This Lizard Doesn't Need Legs — But It Does Need Land
At first glance you might mistake a legless lizard for a snake. But you can identify these intriguing critters — whose legs have either disappeared or shrunk beyond utility over evolutionary time — by examining their heads. Unlike snakes, they tend to have notched tongues rather than forked ones, as well as eyelids and external ear openings. Some species retain tiny, vestigial limbs.
In central California's Kern County, the Temblor legless lizard lives only in a single tiny area — more than 98% of which is open to oil and gas development. So on Monday the Center for Biological Diversity petitioned for the animal's protection under the Endangered Species Act. (The photo above is of another legless lizard in Northern California, Anniella pulchra.)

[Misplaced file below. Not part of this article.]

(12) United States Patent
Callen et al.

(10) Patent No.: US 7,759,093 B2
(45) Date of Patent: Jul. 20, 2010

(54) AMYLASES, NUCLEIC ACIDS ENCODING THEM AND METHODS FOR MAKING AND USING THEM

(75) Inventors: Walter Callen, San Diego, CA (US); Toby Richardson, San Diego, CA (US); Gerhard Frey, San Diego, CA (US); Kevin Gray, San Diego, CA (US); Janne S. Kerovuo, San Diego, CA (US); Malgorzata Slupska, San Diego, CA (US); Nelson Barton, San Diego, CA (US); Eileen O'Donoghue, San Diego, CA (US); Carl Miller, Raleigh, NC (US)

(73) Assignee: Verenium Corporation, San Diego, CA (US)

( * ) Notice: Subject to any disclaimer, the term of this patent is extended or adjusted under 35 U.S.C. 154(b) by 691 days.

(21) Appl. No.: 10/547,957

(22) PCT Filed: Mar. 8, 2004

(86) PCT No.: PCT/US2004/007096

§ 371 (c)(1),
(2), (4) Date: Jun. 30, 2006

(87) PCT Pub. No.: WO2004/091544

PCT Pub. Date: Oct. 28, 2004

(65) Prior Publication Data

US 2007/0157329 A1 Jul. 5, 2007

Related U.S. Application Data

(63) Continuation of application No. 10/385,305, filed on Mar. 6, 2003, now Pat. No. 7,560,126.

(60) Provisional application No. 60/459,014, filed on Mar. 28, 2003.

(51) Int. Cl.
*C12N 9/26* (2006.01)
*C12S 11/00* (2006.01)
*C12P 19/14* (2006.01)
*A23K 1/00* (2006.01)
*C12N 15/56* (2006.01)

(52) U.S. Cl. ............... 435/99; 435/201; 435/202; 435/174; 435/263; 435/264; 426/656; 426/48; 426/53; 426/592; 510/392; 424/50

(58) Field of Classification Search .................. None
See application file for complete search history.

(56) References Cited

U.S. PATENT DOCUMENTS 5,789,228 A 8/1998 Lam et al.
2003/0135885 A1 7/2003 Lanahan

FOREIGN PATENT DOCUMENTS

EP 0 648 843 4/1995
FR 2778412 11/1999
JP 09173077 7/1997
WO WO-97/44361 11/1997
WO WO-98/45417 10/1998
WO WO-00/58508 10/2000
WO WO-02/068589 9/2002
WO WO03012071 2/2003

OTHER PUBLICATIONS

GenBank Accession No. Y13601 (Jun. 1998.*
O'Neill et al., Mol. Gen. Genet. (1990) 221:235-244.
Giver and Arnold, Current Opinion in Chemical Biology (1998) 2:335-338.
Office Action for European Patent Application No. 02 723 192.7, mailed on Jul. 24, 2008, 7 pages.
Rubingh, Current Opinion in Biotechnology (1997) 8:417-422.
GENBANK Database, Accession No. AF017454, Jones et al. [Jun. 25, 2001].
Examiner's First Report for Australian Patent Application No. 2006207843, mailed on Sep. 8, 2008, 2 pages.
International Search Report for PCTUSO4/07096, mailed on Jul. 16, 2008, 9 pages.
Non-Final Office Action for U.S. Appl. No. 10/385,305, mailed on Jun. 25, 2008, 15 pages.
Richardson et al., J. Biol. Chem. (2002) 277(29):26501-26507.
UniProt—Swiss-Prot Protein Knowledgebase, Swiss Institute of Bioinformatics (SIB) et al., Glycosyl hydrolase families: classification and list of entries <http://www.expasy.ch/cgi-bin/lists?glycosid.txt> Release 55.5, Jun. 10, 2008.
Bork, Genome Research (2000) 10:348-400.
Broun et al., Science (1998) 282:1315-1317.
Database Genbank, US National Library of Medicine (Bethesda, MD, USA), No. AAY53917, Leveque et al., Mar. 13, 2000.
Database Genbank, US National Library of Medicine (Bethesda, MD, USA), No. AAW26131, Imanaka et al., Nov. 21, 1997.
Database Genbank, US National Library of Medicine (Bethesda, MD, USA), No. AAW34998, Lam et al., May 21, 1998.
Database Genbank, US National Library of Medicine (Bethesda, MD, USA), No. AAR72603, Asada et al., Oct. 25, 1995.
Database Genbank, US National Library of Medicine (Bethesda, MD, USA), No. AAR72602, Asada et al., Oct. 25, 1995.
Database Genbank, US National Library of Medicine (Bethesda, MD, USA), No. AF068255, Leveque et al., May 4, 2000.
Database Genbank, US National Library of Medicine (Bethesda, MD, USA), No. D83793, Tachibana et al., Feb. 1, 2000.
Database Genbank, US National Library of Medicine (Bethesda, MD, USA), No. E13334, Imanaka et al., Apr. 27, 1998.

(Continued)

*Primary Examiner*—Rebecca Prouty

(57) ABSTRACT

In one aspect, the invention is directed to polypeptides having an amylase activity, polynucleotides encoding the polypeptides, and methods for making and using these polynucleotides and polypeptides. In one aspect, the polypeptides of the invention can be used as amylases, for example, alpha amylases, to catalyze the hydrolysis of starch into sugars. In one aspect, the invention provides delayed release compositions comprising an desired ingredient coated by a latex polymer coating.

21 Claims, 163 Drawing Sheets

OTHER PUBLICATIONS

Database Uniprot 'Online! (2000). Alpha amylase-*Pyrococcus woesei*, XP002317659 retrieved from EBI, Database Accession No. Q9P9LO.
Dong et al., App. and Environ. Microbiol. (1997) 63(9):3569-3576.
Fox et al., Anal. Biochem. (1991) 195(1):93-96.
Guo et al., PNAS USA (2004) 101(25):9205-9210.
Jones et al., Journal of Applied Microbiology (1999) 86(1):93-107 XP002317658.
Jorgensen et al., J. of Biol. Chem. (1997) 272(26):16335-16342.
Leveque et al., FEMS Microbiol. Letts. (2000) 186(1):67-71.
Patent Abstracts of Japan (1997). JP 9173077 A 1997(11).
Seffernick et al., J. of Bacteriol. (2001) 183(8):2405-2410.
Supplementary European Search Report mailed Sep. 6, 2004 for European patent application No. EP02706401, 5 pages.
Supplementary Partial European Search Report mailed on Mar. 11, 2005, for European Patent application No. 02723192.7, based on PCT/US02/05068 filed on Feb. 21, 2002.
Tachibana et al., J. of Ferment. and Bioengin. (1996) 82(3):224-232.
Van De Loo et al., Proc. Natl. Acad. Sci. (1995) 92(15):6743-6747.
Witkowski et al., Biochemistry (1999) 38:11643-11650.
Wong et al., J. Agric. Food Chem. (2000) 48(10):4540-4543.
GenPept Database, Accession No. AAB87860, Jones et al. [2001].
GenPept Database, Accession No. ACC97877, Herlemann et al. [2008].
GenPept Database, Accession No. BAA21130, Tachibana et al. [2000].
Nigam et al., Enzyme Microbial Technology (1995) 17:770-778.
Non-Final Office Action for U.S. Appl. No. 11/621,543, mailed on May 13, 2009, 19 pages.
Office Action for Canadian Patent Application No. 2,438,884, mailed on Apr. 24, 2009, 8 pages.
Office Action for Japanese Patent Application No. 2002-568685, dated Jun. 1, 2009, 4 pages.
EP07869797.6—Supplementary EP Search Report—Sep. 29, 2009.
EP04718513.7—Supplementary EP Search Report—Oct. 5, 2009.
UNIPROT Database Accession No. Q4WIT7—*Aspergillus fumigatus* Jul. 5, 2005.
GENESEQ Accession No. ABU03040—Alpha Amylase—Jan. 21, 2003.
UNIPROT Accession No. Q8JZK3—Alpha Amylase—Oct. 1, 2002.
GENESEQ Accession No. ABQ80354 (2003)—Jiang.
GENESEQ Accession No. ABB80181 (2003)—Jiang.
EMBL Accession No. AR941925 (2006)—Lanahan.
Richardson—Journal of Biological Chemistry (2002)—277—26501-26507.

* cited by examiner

The lizard, which swims sinuously through sand, only survives at four sites. "Rampant oil drilling is causing double damage to the legless lizard by destroying habitat and accelerating climate change," said Center conservation advocate Jeff Miller.